I see you already found out about the CODE tags. That is very fine indeed.
You posted some information about your partitioning, but we like to see the ouput of
su -c 'fdisk -l'
because that also shows begin and end (and thus the sequence) of the partitions.
For offering more space in /home to your users there are basicaly a few possibilities. One of them is to check if there is one of your users (may be there is but one user in the practical sense of the word, that makes it easier), if he needs extra space e.g. for his video files. Then you can create a new partition with a file system on it somewhere, and then mount it on that users ~/Video (thus /home//Video) or some other practical place with a name of his choice. You can also mount that partition at /mnt or /data and then let the user create a symlink from within his/her home directory, like
ln -s /data/usera-videos ~/Video
Many variations possible. Depends much on your needs.
But when you want the space not to be dedicated (except that it should be in /home), my advice would be to create a new file system on the new disk, mount it temporary in /mnt/temphome, copy all of /home to /mnt/temphome, umount /mnt/temphome and /home, change your /etc/fstab to let /home be mounted from the new disk, mount (new) /home. Ready and you then have the old /home as spare space. This must of course all be done from the real console with no normal user loged in (else /home is not free).
It is not possible to have two partitions mounted on /home at the same time. The only possibility to join those two partitions on both disks in one container, would be using somethingg like LVM. But I do not know if you want to go that far.
Well LVM partitions are the only way to extend a partition across disks but you don’t have them. You can of course use mount to give some additions space for one or more mount points which can be used but that can be awkward. Soooo I’d say backup home repartition it as LVM remount it as home make a LVM on the second drive and join the two and copy the data back.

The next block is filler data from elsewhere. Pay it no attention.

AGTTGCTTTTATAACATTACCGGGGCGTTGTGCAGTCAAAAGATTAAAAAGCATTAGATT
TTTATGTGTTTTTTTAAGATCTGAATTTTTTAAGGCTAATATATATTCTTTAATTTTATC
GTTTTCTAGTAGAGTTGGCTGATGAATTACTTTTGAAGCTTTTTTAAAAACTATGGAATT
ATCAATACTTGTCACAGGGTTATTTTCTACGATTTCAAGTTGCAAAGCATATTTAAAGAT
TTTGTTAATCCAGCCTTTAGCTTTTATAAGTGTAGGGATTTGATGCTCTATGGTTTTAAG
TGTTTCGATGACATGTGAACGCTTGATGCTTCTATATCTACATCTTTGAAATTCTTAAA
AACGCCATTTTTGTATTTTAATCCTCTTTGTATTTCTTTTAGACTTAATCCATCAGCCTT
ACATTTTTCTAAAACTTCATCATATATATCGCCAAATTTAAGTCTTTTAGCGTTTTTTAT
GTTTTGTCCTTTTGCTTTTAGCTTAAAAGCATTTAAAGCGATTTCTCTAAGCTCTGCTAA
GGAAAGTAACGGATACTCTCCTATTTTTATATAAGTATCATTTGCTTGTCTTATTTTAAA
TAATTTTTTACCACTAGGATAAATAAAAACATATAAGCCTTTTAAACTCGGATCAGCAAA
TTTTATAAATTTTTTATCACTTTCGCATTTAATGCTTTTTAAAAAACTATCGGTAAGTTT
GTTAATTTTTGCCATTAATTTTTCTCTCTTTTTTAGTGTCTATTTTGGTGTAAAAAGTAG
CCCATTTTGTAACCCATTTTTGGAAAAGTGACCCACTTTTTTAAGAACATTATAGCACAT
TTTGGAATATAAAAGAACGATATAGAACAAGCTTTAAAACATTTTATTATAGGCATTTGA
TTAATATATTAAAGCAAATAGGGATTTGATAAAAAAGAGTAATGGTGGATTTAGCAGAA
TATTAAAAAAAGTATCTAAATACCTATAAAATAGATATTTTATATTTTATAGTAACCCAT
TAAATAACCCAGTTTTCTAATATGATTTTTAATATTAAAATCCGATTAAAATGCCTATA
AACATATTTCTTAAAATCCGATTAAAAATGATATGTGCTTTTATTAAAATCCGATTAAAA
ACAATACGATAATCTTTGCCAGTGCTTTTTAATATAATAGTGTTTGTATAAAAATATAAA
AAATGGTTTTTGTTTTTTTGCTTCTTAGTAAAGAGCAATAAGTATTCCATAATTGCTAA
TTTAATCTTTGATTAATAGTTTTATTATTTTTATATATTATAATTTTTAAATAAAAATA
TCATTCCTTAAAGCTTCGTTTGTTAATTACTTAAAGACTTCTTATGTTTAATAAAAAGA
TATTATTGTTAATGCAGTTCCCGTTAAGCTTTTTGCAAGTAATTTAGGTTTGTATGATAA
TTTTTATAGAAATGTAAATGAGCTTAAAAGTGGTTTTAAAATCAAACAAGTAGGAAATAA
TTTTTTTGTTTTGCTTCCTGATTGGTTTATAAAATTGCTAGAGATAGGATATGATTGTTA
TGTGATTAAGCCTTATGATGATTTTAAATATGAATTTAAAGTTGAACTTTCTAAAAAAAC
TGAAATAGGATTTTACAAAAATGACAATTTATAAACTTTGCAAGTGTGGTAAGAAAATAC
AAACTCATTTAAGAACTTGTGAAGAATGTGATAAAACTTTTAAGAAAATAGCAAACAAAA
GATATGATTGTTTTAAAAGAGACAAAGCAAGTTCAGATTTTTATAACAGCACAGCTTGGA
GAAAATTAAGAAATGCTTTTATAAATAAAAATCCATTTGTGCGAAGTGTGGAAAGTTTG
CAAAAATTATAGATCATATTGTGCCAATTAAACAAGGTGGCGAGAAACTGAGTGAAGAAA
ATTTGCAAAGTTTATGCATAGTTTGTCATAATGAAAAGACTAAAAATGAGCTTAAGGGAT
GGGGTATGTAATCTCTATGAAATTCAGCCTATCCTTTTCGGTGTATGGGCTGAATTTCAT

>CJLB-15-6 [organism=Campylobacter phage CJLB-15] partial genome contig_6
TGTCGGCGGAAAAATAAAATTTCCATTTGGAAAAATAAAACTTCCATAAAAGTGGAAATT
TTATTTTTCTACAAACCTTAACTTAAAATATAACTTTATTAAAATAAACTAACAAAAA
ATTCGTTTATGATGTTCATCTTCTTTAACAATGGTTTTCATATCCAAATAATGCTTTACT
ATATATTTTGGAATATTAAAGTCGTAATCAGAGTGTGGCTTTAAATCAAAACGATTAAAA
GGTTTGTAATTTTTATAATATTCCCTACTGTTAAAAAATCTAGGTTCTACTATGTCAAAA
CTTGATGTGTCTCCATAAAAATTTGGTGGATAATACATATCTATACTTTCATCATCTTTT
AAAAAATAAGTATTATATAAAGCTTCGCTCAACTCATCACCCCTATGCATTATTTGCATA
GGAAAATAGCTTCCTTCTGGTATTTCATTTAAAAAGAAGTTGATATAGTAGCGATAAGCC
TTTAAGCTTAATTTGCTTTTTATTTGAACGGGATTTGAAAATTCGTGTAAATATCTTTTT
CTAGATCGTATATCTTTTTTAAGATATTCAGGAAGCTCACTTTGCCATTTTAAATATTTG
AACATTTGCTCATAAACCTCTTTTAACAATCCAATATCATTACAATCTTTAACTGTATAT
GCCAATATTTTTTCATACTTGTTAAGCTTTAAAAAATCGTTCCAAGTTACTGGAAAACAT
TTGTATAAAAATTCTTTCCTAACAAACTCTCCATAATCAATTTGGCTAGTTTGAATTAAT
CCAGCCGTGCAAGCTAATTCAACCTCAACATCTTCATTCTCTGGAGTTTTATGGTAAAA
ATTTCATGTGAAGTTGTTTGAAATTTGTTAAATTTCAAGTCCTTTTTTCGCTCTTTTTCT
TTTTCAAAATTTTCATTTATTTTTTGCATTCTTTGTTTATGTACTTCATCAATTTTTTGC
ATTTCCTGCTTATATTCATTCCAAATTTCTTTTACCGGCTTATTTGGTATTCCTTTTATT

Note have you read about the problems of RAID 5 and multi terabyte drives? There have been several writeup as of late.
> On the server I had 4 physical HDD’s grouped in a drive group0 (RAID5)
> I upgraded the machine with 4 more drives and created the same drive
> group1 RAID5
> This is seen by OS as 2 Virtual drives sda and sdb
> What I want is a way of increasing /home withe the full disk capacity of
Let me see if I understand. Currently /home is sda3, and you want /home
to be the entire sdb?
That is not “increasing”.
Log all users out.
switch to runlevel 2 or 3.
log in as root (text mode).
Mount sdb somewhere.
copy /home to that somewhere
Umount that somewhere
edit fstab so that sdb mounts as home
Cheers / Saludos,
Carlos E. R.
(from 12.3 x86_64 “Dartmouth” at Telcontar)
You can also use mdadm. Both support non-persistent metadata which allows you to create VG/arrays even in the case when you cannot initialize device as PV/array member, but is probably a bit fragile as it depends on existence of configuration file (so it won’t work if booted from live media).
Actually using mdadm it is relatively easy to add existing partition as MD array member - just shrink file system a bit (256KB should be safe) and add partition using metadata format 0.9 or 1.0. Both write superblock at the end of device, which is now free after filesystem size has been reduced.
Please reread what we said and try to understand it. It is of no use that you say every time that you want to join sda3 and sdb1 (which you want to create on sdb)) and that we then repeat that it can’t be done. We run in circles.
On 2013-09-05, adriancazan <firstname.lastname@example.org> wrote:
> The idea is to use sda3 + sdb for for /home
> As an extra question, when defining the partition on sdb, this one
> should be primary or extended.
You seem not to understand the concept of partitions.
The terms sda' and sdb’ refer to different physical drives and so there’s no their respective partitions (i.e. sda1,
sda2 or sdb1, sdb2) can be combined for /home/ or any other directory. Of course within home, there’s no reason why you
can’t create symbolic links to these partitions e.g.
sh-4.2$ cd ~
sh-4.2$ ln -s /path/to/where/fstab/mounts/sda3 morehome
But if you’re trying to combine a partition from one drive (sda3) with a physically diffent drive altogether as a single
mount, then no-one can help you achieve the impossible.
On 09/05/2013 04:56 AM, hcvv wrote:
> adriancazan;2582927 Wrote:
>> The idea is to use sda3 + sdb for for /home
>> As an extra question, when defining the partition on sdb, this one
>> should be primary or extended.
> Please reread what we said and try to understand it. It is of no use
> that you say every time that you want to join sda3 and sdb1 (which you
> want to create on sdb)) and that we then repeat that it can’t be done.
> We run in circles.
> Maybe you want to read a bit more about partitions, because you seem not
> realy to understand what primarty, extended and logical partitions are:
> ‘SDB:Basics of partitions, filesystems, mount points - openSUSE’
Agreed. I think the best response here is the one from hcvv on 2013-09-04
10:56 UTC which made the combining of space possible using LVM, but it is
going to be a little bit of work… nothing terrible, but it’s the only
way so it is (as described) going to require creating a new LVM setup on
the new drive, mounting that somewhere, copying all data over, then
deleting the partition and making it an LVM volume and joining it to the
volume group that was created on the second drive. Now both drives are
usable in the same volume group (and thus the same volume).